Sunday, March 24, 2013

Fearless Females - Learning A Surprising Fact

In honor of National Women's History Month, I will be following the blogging prompts from The Accidental Genealogist blog. The prompts are interesting and I am truly enjoying this.  Here is day 19.  I have gotten a little behind in the last week so I am trying to go back and catch up.

March 19 — Have you discovered a surprising fact about one of your female ancestors? What was it and how did you learn it? How did you feel when you found out?

When I began my research I didn't know much at all about my family.  All but one of my grandparents died before I was born.  Only one grandfather was alive and I didn't get to know him.  He died when I was 12.  I had never really sat down and talked to him. I only remember seeing him one time.  My mother had told me about her parents and a little about her grandparents.  The great thing was she sat down with me and helped me fill out the family trees of both her family and my dad's with all the information she remembered.  And she actually remembered many things.  I wouldn't have gotten very far at all without her.  She did that over 20 years ago and last year I finally started using it.  I have always had the interest, just not the time.

One of the things she told me was that her great grandmother was full-blooded Cherokee Indian.  

When I started researching I was looking for Indian heritage.  I knew on my mom's dad side that they really knew nothing about his father.  He died when my grandfather was a toddler.  Since he was a Hoover in Richmond, Indiana, it is highly likely that he was a Quaker.  My grandfather's mother was a Quaker and her whole family line descended from Quakers.

On her mother's side mom knew both her grandparents but not her great-grandparents, so I assumed  the Indian must have come from this side.

In searching I found that the Manis's came from Scottish descent.  It was the Gibson side that surprised me.

As I researched my great grandmother Cora Gibson, I found some real surprises.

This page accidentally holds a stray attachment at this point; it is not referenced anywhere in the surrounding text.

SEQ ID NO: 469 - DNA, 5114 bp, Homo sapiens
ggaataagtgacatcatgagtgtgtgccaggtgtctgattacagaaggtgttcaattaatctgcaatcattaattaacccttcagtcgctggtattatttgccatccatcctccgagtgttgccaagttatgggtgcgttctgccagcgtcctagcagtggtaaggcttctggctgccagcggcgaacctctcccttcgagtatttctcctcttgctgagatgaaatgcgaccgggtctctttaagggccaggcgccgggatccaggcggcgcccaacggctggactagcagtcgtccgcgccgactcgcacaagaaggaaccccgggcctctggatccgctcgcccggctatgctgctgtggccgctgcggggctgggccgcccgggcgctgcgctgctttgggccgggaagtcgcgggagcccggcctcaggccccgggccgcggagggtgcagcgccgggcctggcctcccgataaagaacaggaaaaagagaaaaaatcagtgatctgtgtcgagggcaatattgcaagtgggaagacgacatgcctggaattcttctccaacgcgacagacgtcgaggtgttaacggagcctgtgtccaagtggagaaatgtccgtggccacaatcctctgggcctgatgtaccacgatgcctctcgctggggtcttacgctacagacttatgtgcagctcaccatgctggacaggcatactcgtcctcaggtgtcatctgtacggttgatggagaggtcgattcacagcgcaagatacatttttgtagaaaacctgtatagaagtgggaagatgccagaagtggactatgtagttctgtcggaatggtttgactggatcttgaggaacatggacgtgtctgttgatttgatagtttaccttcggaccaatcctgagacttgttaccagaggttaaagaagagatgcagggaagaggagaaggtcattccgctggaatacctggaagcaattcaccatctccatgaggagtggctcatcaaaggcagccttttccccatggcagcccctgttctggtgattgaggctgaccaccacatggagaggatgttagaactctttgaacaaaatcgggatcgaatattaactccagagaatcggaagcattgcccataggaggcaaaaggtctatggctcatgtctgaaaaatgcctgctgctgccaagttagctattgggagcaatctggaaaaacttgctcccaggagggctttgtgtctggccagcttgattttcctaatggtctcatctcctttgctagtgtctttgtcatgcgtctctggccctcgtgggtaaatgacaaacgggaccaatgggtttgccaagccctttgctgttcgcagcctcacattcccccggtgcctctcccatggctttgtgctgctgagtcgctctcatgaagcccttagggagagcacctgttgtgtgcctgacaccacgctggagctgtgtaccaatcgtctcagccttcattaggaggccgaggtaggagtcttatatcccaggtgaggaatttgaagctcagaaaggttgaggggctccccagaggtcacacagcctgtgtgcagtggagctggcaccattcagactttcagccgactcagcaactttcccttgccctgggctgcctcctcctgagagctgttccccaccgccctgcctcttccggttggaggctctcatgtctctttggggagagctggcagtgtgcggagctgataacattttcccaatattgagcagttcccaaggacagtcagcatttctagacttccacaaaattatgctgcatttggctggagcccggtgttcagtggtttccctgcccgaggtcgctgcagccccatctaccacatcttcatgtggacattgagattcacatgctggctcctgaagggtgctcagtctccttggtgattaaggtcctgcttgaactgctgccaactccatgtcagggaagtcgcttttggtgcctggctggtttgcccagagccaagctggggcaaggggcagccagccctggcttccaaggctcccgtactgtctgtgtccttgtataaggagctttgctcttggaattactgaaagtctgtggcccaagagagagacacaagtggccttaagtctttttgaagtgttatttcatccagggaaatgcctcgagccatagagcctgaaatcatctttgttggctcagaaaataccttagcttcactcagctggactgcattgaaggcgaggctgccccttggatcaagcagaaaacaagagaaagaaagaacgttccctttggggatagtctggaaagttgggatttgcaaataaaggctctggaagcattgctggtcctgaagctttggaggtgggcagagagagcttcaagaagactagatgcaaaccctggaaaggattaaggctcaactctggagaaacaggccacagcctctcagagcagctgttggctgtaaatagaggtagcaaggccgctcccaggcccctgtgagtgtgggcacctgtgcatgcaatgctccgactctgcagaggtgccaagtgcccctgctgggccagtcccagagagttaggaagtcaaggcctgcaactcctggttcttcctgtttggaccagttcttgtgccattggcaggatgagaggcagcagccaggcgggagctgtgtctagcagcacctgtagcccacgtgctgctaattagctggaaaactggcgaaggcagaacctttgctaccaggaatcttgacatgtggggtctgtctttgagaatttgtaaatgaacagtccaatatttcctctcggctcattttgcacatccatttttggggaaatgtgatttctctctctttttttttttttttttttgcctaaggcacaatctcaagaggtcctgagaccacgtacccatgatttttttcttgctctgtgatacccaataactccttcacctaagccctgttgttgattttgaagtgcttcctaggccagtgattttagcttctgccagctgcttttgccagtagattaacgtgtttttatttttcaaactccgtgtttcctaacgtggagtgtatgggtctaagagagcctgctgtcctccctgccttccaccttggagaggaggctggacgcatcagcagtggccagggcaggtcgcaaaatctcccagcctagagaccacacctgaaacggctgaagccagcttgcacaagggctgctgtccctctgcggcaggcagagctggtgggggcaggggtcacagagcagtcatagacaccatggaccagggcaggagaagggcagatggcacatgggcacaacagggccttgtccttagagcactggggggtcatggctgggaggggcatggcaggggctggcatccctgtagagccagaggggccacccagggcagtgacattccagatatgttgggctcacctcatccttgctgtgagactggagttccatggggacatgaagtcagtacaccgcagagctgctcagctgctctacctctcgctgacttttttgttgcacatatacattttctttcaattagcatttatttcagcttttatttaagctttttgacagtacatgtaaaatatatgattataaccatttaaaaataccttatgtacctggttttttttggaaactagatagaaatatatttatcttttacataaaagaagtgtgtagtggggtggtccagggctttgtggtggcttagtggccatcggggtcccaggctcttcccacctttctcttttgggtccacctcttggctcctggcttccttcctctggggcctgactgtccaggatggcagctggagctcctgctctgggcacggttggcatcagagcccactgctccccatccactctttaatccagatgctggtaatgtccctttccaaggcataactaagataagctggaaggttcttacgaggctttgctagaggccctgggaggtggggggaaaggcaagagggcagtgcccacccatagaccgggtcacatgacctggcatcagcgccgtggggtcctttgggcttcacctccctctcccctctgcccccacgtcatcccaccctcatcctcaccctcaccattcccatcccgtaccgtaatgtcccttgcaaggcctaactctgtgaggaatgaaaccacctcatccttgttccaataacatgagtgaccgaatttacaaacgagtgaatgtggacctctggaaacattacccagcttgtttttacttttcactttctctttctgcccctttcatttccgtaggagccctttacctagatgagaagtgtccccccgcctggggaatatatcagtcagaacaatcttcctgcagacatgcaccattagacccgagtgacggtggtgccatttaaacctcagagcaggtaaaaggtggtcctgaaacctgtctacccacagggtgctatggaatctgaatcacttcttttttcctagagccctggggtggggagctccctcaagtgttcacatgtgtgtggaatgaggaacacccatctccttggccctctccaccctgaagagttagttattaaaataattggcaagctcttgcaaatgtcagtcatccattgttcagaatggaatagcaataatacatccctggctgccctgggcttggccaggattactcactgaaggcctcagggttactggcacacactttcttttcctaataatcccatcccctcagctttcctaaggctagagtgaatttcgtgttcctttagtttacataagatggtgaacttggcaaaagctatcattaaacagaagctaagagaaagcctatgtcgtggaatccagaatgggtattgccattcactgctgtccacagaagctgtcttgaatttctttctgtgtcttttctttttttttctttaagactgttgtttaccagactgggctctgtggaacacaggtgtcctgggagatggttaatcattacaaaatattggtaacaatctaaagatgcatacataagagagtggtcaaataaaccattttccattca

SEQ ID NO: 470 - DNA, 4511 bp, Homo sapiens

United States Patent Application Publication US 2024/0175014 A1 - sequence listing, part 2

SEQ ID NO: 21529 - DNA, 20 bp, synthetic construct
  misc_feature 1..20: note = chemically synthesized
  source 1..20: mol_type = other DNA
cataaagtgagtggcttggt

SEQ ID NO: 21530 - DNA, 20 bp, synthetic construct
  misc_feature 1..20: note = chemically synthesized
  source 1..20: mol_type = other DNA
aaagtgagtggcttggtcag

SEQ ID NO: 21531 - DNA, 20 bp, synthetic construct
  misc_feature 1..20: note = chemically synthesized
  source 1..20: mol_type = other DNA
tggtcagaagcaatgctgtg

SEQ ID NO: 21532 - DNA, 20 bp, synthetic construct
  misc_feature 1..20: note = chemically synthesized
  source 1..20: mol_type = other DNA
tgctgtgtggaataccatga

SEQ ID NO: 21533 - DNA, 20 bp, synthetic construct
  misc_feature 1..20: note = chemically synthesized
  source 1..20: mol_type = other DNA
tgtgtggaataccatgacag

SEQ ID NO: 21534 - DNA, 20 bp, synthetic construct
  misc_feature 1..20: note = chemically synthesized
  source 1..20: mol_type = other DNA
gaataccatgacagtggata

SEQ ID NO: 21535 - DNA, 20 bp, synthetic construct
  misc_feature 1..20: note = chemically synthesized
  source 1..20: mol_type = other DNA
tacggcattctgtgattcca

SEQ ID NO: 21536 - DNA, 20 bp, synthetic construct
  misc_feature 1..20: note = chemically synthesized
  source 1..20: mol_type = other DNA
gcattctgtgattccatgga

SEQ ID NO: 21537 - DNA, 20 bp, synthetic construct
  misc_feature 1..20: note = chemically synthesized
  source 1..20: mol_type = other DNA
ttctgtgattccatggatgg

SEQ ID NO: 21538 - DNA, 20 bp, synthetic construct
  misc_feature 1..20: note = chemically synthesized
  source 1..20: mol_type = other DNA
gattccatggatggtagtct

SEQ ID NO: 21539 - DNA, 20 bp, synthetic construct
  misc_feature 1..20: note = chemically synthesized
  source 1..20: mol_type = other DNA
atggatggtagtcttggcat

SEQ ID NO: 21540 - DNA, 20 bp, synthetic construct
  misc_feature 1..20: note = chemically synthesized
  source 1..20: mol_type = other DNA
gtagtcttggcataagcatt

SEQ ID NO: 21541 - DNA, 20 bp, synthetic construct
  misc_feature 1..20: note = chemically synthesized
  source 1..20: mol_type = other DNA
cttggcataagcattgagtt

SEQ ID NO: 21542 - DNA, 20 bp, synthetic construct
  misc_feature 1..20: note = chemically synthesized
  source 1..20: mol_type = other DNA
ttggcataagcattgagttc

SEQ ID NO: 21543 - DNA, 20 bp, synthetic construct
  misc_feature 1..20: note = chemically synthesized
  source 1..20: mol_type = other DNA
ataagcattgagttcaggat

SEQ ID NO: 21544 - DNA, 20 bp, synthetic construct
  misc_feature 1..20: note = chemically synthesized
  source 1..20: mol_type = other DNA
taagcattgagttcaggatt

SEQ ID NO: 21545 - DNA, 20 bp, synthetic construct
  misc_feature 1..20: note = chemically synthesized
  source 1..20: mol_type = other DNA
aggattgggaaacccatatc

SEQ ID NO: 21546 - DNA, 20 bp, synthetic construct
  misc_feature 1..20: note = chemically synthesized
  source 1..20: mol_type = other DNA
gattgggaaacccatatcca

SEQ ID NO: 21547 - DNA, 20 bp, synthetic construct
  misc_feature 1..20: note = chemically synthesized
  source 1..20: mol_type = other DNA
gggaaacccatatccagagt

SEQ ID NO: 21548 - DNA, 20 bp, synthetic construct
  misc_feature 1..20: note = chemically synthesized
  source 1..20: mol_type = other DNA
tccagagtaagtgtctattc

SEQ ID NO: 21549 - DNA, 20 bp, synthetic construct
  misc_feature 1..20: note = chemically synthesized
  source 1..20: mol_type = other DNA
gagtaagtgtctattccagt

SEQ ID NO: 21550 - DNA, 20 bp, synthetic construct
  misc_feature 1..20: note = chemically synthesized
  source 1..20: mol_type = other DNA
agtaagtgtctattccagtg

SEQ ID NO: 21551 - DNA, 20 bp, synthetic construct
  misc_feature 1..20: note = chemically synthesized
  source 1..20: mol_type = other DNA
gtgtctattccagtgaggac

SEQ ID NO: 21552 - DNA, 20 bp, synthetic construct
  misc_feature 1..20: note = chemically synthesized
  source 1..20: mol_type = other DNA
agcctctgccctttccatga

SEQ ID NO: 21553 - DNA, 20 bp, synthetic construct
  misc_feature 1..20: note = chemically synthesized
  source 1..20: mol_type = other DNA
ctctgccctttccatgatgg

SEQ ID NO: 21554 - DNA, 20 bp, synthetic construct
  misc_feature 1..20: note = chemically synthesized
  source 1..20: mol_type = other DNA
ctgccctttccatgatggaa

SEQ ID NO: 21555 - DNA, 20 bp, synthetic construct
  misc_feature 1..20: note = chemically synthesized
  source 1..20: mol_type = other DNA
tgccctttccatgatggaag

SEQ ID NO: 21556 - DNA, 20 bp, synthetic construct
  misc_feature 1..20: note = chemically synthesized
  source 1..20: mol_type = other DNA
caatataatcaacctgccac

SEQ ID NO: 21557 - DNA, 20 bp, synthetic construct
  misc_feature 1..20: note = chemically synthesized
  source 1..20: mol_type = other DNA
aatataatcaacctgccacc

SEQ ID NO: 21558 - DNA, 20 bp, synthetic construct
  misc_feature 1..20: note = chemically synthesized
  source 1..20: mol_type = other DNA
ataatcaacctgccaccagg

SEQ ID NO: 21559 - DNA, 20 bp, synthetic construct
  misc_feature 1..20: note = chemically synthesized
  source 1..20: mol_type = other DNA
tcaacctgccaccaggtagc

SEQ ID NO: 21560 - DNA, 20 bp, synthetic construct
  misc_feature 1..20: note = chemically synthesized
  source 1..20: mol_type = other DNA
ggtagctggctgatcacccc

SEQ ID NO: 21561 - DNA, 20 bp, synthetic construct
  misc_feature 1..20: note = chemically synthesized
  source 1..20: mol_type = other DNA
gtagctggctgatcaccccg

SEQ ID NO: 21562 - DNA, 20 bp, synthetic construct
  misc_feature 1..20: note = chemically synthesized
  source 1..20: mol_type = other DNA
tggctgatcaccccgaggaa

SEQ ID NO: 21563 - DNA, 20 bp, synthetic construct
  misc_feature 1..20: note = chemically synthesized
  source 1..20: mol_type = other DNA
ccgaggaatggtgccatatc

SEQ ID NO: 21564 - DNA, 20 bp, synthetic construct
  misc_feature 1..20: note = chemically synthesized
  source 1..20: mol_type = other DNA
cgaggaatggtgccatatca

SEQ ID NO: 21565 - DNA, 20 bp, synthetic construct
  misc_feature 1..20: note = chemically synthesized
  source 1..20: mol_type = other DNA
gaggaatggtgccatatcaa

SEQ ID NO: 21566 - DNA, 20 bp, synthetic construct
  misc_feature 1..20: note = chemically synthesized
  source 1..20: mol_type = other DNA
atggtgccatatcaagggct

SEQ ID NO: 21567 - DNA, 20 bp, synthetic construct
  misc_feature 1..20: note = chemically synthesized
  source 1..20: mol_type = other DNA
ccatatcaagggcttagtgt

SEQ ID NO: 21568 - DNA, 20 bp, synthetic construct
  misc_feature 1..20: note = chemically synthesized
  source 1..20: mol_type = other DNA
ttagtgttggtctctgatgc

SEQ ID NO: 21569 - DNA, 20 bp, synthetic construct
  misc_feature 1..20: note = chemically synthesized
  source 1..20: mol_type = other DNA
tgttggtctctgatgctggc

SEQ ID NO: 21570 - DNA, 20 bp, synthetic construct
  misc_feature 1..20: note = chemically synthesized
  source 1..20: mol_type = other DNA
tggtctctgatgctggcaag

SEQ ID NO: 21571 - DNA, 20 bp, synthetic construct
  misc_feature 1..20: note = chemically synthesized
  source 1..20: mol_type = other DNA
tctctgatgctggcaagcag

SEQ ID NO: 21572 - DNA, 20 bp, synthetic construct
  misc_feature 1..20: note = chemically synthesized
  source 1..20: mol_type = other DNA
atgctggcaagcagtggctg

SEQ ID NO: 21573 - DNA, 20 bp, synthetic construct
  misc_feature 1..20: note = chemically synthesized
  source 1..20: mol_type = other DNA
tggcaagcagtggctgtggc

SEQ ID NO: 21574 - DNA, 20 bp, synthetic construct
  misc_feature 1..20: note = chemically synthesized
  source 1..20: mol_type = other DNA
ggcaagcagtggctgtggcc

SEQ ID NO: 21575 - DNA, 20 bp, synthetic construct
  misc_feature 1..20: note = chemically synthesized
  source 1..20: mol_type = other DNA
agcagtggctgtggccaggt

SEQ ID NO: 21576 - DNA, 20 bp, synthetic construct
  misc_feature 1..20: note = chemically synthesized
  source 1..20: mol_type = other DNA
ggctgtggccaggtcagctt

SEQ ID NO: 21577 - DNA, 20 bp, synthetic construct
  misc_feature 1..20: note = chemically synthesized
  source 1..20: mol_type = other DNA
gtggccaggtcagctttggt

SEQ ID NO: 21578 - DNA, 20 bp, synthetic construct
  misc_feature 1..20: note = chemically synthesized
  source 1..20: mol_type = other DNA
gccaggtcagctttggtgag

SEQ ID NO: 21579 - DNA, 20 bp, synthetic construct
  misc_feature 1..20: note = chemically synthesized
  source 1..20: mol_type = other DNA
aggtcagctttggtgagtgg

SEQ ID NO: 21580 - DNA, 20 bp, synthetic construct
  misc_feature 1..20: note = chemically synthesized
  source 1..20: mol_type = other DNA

When Cora was one year old, she was listed as a Mulatto.  As I went back through the previous generations on both sides they were all listed as Mulatto as far back as I could track.  I started researching the term Mulatto.  My first thought was that there was an African America parent and a black parent.  I just couldn't figure out how it continued from one generation to another.

Doing this research I came across some interesting facts.  I guess anyone who was non-white could be listed as Mulatto.  If they had Indian blood they could be listed as Mulatto.  I also found a term for a group of people that I had never heard before, Melungeon.

Melungeons were a group of people who lived as a tribal type of people.  They were considered a tri-racial isolate group of people.  Supposedly, they were a mix of white, Indian, and African American.  There seems to be no real knowledge to the origins of these people.  

I previously wrote about this here.  There is a book that has my great-great grandfather's family listed in it.  It is about the Carmel Indians of Highland County, Ohio.  The were considered a Melungeon tribe.  They had started out in the Tennessee Virginia mountain area.  They were in Kentucky for a while and then moved to Highland County, Ohio.  My great-great grandfather then moved to Indiana with his family.   Once they moved to Indiana they were only listed as white.  I have talked to a distant cousin in West Virginia who has been researching these people for years.  She believes the family left the Tennessee Virginia area when they were rounded up to be herded west with the "Trail of Tears".  She has information that leads to the fact that they escaped and went to Kentucky to hide for a time.  Then they began splitting up and moving to different area.  A large contingent went to Highland County, Ohio.

As I found out these things I was at first a little shocked.  As I thought about it, I realized, I am the same person I have always been.  It doesn't matter what blood is mixed in my body, I am the person I have been because of that, or in spite of that, I don't know which.  I am proud of my heritage, whether is by a mixture of blood, or if it is truly descended from full-blooded Indian.

My daughter did a DNA test and she didn't find any African American or Indian.  Everything was pretty much European, but I know my family came from that group of mountain people on both sides of my great grandmother's family.

1 comment:

  1. Awesome post! I actually never though of going back to my roots and do a research about my ancestors. It's a great idea! I hope one day I'll find out something remarkable about my ancestors :)